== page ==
(Pictograms) by The Buddha – THE OX HERDING PICTURES.

The Ox Herding Pictures depict the seekers search for the Self.


The first seven images indicate stages in this search.  Essentially,  they depict the seekers gradual reassurance that once seen the Self will not disappear; that it is there and actually realisable.  But one cannot tether the Ox and remain at one with it because there is another aspect to this process and that is the effect glimpsing the Ox has on one’s Ego/Mind.  The peace that accompanies this realisation is beyond imagining and once experienced the thought that it might depart is unendurable.   But it departs if we try to hold onto it.  So one tries to tether it until one realises that it is Mind that is tethering it and in doing so the Self disappears from sight.  It cannot be tethered.  It was Mind after all that hid it in the first place.  The Ox will stay but only when Ego/Mind is not trying to hold onto it or possess it.  Until at last the two are as one.  The Self is fully realised and searching is over – constant Bliss prevails.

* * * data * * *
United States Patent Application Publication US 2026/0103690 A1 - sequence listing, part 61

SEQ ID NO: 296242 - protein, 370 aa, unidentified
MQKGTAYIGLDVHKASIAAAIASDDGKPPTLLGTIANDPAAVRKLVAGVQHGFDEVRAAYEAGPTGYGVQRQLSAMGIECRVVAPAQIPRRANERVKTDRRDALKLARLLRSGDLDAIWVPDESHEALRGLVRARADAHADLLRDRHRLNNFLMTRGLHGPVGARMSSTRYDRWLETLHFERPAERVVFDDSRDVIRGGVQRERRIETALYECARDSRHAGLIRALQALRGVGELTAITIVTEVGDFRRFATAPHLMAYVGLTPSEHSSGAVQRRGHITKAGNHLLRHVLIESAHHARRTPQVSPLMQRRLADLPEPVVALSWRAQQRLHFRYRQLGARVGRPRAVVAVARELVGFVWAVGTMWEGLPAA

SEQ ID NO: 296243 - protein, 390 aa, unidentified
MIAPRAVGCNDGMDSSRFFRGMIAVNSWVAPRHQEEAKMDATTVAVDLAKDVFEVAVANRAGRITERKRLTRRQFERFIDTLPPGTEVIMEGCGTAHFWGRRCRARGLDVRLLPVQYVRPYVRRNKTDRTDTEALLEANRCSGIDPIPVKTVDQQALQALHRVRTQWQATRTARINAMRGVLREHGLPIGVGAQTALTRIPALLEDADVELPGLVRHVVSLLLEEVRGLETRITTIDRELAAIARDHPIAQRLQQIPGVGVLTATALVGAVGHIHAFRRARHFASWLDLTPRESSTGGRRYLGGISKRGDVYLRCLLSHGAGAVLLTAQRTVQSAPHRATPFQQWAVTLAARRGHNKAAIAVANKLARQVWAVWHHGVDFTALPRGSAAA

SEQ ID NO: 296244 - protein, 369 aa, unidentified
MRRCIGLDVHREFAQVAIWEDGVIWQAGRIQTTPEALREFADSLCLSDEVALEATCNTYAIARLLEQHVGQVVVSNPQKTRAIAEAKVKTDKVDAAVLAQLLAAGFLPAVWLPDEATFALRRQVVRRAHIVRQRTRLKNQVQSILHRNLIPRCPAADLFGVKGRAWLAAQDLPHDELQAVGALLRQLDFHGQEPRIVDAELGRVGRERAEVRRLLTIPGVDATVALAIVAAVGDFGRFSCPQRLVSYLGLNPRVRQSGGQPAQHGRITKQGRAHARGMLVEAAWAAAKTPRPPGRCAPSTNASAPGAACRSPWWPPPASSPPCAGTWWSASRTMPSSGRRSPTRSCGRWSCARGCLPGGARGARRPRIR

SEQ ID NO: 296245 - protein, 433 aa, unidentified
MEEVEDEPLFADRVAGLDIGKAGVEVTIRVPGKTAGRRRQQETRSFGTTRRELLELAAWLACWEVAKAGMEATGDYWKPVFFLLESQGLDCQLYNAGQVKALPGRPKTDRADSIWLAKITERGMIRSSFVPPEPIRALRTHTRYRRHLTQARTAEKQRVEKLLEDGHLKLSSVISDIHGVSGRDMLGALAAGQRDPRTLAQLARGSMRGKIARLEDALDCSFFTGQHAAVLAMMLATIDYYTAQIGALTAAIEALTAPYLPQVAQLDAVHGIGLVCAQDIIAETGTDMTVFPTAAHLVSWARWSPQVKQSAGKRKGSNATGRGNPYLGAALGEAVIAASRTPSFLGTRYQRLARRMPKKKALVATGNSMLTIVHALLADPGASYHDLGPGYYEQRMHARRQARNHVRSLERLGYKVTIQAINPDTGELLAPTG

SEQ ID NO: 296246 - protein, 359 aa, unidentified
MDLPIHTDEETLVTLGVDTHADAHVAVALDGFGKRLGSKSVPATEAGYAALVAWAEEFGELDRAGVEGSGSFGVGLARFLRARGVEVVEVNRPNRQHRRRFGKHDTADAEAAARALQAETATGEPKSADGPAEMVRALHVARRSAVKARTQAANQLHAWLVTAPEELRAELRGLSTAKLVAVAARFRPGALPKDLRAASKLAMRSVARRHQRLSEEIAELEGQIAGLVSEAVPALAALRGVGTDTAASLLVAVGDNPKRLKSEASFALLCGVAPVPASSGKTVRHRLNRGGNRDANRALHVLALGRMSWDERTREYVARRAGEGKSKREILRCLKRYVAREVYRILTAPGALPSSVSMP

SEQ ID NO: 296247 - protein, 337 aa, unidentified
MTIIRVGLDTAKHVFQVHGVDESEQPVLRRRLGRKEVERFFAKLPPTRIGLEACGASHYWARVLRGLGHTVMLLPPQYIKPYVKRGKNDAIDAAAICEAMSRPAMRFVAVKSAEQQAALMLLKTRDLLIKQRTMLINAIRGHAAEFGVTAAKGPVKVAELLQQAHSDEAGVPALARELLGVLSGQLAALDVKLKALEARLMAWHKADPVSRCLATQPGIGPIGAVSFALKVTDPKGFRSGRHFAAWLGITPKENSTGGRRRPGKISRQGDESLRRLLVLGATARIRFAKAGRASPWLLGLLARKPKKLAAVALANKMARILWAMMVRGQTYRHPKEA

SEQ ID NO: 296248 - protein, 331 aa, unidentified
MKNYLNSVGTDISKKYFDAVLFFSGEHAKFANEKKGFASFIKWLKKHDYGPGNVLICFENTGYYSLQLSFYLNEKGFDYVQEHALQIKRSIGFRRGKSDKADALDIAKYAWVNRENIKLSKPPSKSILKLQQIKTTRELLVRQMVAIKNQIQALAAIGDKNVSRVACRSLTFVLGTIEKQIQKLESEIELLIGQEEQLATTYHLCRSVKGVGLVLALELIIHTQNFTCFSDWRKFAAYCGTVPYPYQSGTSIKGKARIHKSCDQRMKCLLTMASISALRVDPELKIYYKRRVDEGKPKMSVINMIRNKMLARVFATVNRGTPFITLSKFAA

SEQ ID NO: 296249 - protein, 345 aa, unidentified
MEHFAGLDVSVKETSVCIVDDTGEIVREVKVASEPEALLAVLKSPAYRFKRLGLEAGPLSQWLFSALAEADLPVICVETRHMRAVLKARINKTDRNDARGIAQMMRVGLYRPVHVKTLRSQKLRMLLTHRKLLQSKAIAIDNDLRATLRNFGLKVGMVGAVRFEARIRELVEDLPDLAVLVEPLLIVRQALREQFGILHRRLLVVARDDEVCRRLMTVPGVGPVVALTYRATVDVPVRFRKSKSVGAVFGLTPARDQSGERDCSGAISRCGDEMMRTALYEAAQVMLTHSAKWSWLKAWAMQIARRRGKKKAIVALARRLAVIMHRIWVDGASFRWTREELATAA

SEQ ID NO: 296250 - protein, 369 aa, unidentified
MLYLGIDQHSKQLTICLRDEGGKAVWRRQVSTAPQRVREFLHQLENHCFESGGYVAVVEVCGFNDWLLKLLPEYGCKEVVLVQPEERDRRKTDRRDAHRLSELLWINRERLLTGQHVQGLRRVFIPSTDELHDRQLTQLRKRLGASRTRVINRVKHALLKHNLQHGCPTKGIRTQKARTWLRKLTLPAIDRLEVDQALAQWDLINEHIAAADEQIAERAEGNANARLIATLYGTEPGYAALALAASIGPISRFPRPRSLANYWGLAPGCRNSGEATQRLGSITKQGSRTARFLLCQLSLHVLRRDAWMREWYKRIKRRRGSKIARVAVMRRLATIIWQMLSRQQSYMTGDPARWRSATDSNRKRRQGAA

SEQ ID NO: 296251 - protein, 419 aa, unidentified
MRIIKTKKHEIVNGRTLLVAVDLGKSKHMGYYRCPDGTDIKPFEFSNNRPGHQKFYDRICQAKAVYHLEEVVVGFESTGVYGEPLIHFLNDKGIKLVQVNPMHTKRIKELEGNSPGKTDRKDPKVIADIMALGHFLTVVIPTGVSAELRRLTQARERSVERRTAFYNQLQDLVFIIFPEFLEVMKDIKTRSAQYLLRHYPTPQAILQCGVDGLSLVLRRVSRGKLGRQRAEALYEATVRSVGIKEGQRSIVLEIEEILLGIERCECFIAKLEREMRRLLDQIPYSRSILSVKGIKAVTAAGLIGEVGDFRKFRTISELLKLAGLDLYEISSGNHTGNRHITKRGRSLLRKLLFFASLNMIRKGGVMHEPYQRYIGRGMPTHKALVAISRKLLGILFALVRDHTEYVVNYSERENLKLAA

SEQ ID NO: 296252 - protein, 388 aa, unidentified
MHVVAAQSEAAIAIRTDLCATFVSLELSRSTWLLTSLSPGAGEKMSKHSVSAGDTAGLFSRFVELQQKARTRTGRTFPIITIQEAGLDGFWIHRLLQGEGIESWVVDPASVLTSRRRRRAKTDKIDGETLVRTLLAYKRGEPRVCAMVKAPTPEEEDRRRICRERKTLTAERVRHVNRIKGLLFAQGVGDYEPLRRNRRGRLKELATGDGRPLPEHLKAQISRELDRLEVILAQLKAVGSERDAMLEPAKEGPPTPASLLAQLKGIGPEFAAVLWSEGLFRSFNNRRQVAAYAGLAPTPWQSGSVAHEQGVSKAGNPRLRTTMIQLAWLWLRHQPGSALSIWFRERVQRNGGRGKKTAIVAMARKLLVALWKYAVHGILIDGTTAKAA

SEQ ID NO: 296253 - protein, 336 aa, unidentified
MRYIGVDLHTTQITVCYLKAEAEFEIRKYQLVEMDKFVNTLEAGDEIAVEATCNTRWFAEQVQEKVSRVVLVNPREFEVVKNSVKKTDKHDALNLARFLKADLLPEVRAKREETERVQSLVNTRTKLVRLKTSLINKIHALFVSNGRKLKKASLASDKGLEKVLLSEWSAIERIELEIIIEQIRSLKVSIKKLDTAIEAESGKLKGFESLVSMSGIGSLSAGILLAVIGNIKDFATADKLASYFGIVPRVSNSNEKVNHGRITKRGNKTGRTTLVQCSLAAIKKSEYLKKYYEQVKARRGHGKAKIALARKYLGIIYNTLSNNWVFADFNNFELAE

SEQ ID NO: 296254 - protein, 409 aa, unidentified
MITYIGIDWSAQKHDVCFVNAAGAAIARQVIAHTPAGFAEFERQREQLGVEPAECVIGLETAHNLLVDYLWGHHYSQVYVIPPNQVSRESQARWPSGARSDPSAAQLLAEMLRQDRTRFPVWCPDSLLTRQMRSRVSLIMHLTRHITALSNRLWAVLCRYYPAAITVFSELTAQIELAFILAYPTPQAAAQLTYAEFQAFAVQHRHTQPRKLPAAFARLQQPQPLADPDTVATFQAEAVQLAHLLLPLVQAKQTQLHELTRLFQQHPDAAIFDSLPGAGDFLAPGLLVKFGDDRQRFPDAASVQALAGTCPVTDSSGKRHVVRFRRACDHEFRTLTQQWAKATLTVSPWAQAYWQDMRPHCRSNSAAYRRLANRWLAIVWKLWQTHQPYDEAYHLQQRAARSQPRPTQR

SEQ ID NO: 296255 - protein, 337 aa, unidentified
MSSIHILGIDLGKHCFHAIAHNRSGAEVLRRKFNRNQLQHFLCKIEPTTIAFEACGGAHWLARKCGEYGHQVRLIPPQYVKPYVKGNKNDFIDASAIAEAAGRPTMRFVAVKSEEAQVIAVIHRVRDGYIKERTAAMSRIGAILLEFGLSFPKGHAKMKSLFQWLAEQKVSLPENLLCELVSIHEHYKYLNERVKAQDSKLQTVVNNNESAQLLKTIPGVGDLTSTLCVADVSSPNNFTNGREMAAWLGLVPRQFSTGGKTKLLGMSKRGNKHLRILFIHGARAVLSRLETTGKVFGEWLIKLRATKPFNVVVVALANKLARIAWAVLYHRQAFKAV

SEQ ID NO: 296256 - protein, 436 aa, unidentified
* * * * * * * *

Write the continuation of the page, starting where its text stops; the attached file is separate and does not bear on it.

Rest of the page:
These images were originally given to me by Geoff, (a friend) as I left for India.  It seemed appropriate that he signed it with a scrawl and that the corner of his gift had been chewed off.  Thank you Geoff.  It came into its own at last.

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3 thoughts on “(Pictograms) by The Buddha – THE OX HERDING PICTURES.”

  1. Firstly thanks for taking the effort to post the images. Secondly I found the allegorical nature of the images and description interesting. The idea of letting go/freedom to retain is, well, for me the way to go. Thanks

    1. Hi Paul, Just saw that you responded to the Ox Herding Pictures. My experience of these images is that they depict an unfolding that comes about through favouring one attitude over another. At first we all want to be at the end of the journey that we see as some way off, so often because we have awoken to our suffering or we are tormented. There is no journey just the moment and in that moment nothing can change what you are in that moment. But in each moment there can be a favouring of one choice over another in line with some ideal. Imperceptably a transformation takes place, without strain or trying or wishing – not today but tomorrow – and naturally the beggar becomes a saint; in the same clothes and in the same body.

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